People like paying for high quality goods and services. Don’t sell yourself cheap. Most people starting a business undervalue what they do. This is a mistake. Think carefully about your true value and make your prices match that.

Aim for 50 per cent repeat business within three years

It costs a lot less to gain repeat business than to start from scratch, so aspire to the high standards that generate it. 50 per cent is, of course, an arbitrary figure, but try to design something that encourages repeat purchase. This will save you reinventing your business every year, and all the cost and effort that goes with it.

Don’t be small-minded about money

Speculate and you will accumulate. Invest upfront, within reason. Be generous and put something in before you expect something back. Treat your customers well and pay your bills on time. Develop a reputation for generosity and fair dealing.

Be canny about requests for free or ‘win-only’ work

If you spend your first year behaving like a charity, you’ll go bust. It’s okay to provide a judicious amount of trial product or service as a taster for what you offer, but only to a certain level. Then you need to be paid.

Consider flexible pricing

If you achieve a certain (non-discounted) price for something, consider charging more next time. This point is specifically for service businesses. Start with a fair price and review it periodically to see if your market can tolerate higher prices based on the quality of what you provide.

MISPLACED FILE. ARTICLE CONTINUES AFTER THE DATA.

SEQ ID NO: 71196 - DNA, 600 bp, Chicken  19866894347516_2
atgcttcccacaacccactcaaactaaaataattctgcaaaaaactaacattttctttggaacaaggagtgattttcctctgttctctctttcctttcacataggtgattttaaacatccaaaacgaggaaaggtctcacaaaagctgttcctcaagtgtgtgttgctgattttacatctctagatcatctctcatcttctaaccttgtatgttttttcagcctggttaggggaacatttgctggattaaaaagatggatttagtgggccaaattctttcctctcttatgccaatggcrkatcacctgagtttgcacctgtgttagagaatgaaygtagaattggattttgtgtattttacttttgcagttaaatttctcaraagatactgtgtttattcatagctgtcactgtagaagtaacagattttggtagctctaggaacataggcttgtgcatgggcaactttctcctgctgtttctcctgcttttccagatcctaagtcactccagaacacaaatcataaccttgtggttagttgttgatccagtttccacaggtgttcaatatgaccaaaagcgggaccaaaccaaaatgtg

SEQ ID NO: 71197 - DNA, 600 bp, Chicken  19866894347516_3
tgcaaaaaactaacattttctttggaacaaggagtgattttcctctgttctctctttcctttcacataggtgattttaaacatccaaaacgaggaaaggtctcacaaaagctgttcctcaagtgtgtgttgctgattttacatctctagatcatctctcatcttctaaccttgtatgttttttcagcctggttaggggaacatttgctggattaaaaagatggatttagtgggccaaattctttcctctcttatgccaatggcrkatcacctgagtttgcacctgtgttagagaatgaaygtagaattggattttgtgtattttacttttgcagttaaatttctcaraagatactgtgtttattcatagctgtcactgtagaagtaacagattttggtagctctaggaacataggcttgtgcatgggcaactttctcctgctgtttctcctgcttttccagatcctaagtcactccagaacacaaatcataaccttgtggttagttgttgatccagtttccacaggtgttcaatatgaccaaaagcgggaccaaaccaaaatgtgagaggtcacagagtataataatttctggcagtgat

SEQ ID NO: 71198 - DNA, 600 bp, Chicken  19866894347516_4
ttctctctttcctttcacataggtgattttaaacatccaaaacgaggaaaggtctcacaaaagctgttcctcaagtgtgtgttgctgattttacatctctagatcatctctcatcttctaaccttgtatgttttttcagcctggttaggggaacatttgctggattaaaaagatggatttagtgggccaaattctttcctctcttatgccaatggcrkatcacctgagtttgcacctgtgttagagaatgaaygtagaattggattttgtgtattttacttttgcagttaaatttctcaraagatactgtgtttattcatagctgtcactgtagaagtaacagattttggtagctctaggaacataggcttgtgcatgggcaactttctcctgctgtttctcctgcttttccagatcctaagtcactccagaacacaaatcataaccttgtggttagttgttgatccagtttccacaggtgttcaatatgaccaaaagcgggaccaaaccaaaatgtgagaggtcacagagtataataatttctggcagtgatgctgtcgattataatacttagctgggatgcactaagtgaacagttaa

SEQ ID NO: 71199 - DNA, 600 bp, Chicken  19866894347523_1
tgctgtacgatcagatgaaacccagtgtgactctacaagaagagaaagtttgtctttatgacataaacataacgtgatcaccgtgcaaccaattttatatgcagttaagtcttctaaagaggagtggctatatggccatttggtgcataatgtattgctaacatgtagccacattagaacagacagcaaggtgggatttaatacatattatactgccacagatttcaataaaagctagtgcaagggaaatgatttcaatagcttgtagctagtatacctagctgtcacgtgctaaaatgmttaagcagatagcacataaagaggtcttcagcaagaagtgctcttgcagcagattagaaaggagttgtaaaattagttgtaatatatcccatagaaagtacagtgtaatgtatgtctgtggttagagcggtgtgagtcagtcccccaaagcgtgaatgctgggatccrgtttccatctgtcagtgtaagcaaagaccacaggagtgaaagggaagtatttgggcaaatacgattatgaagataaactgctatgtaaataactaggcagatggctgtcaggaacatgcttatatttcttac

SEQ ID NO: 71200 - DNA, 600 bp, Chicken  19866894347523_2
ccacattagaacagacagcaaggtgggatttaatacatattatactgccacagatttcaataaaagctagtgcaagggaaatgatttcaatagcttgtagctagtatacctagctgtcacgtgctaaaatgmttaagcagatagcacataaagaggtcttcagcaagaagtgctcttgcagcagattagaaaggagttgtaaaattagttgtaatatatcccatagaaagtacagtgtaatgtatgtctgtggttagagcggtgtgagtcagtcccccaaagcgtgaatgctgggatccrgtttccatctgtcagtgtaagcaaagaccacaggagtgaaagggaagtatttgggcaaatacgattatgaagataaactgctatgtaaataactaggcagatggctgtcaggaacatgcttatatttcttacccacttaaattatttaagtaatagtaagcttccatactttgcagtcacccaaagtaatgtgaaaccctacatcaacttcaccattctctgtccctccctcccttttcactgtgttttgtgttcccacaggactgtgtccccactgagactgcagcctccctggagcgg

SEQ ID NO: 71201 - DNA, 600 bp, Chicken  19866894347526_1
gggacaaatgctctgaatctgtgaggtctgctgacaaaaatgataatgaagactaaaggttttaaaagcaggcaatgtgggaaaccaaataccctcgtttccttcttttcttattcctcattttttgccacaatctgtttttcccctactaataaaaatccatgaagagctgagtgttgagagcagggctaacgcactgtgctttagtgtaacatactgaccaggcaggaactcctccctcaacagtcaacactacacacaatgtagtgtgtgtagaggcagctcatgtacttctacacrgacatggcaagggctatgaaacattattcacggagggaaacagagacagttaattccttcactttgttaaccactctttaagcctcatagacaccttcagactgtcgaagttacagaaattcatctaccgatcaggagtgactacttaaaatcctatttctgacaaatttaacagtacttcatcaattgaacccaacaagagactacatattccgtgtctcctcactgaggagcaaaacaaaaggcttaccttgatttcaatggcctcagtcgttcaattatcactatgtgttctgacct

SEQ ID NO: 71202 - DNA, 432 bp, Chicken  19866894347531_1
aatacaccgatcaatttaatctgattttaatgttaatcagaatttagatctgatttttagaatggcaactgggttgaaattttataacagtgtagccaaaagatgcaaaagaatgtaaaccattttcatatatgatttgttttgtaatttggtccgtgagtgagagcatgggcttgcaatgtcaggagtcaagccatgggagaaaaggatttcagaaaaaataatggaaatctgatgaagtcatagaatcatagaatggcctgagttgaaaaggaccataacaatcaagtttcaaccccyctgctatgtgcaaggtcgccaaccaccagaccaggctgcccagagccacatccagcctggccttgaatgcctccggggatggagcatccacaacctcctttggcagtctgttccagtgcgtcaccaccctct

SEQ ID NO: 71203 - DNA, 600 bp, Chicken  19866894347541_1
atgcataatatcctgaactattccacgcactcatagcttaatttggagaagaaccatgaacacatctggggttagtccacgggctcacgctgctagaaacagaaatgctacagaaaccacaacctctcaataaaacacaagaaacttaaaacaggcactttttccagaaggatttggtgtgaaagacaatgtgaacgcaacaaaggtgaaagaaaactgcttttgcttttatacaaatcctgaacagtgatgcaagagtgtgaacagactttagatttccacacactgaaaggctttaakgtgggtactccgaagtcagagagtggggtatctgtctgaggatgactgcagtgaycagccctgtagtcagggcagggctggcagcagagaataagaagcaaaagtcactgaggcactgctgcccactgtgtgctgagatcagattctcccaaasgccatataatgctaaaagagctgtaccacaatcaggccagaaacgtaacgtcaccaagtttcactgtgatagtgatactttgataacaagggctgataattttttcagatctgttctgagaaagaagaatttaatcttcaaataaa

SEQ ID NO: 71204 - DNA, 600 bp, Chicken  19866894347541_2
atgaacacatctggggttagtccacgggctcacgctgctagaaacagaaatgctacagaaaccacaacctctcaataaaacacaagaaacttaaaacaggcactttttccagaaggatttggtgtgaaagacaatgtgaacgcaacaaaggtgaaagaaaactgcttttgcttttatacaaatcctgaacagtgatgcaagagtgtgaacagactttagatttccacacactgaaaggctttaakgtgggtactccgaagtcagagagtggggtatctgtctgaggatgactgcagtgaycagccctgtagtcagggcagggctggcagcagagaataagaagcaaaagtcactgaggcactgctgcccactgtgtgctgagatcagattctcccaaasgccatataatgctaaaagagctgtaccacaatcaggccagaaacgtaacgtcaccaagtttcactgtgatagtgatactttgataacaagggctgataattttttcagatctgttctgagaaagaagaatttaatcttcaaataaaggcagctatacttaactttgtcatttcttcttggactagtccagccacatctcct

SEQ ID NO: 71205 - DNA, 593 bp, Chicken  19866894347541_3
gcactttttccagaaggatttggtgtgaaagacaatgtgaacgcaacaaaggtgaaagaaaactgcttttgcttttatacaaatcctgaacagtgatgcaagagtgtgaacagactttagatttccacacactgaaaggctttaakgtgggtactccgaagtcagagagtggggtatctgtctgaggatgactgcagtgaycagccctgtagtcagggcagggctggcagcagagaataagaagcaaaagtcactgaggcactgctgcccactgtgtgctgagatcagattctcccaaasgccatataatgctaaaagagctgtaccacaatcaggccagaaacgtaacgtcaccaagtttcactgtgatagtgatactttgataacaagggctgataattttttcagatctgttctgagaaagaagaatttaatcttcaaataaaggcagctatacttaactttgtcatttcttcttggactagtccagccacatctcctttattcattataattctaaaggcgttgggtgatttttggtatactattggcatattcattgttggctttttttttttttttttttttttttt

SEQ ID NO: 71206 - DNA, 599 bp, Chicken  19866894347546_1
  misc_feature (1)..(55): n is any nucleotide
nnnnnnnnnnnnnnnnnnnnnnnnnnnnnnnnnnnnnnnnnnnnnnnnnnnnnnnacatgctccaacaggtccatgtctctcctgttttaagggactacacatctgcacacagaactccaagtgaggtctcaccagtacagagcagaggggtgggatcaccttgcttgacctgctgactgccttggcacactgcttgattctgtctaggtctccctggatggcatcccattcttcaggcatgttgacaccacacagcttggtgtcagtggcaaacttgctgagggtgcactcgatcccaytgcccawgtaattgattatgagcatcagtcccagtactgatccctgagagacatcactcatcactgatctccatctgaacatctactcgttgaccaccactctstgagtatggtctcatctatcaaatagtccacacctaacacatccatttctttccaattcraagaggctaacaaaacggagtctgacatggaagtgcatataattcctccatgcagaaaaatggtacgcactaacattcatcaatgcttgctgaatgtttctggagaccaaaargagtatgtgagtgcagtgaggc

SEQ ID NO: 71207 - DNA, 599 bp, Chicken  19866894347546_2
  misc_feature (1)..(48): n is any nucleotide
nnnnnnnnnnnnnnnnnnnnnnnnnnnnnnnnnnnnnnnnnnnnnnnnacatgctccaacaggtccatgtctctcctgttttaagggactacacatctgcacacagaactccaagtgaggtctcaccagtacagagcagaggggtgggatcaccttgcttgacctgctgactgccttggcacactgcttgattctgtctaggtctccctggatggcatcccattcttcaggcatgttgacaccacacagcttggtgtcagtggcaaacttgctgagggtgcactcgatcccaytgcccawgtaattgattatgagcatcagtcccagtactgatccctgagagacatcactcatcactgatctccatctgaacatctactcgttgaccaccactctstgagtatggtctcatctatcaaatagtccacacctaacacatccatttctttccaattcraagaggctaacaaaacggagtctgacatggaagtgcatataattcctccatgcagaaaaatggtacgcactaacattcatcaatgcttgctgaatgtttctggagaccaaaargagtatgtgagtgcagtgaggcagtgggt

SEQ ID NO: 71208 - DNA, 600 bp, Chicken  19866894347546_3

This extract is taken from Kevin’s recently published book – What You Need to Know About Starting a Business

Kevin Duncan – business adviser, marketing expert and author

Must-read information about filing tax returns

October 28, 2011 by Emily Coltman

We’re starting to see reminders from HM Revenue & Customs (HMRC) that the tax return season is fast approaching. So what are the key facts you need to know?

Online

Most people who have to file a tax return do so online. It’s quicker and easier and means the deadline is later – 31 January 2012. That’s also when any tax and National Insurance will be due, whether you file online or use the paper form.

Paper forms

If you’re filing your tax return using a paper form, whether you’re filling that in by hand or printing it from tax software, you need to get that in to HMRC by 31 October 2011.

Registering to file online

What if the tax year that ended on 5 April 2011 was the first one for which you have to file a tax return? You must file it by 31 January 2012 if you’re filing online, either via HMRC’s website or through commercial third-party software.

If you want to file your tax return online, you must register to do so with HMRC – and that’s a different process from registering with them as self-employed.  HMRC, if you’re reading this – please could you combine these processes?

Why file online?

I recommend filing your tax return online. It’s quicker, kinder to the environment, and perhaps most importantly of all, commercial software and HMRC’s website will calculate your tax for you. That’s not to be sneezed at. Working out your tax, by the time you’ve included National Insurance, isn’t a walk in the park.

When to register?

If this is the first year you have had to file a tax return and you haven’t yet registered with HMRC to file online, do so sooner rather than later – and not just because it’s easy to forget to do it.

HMRC have to send you an activation PIN for the online filing service. They send this by “snail mail” and this can take up to seven working days to arrive.

You have to register with HMRC and be sent an activation PIN to use even if you’re going to use commercial software to file your tax return, rather than the HMRC website.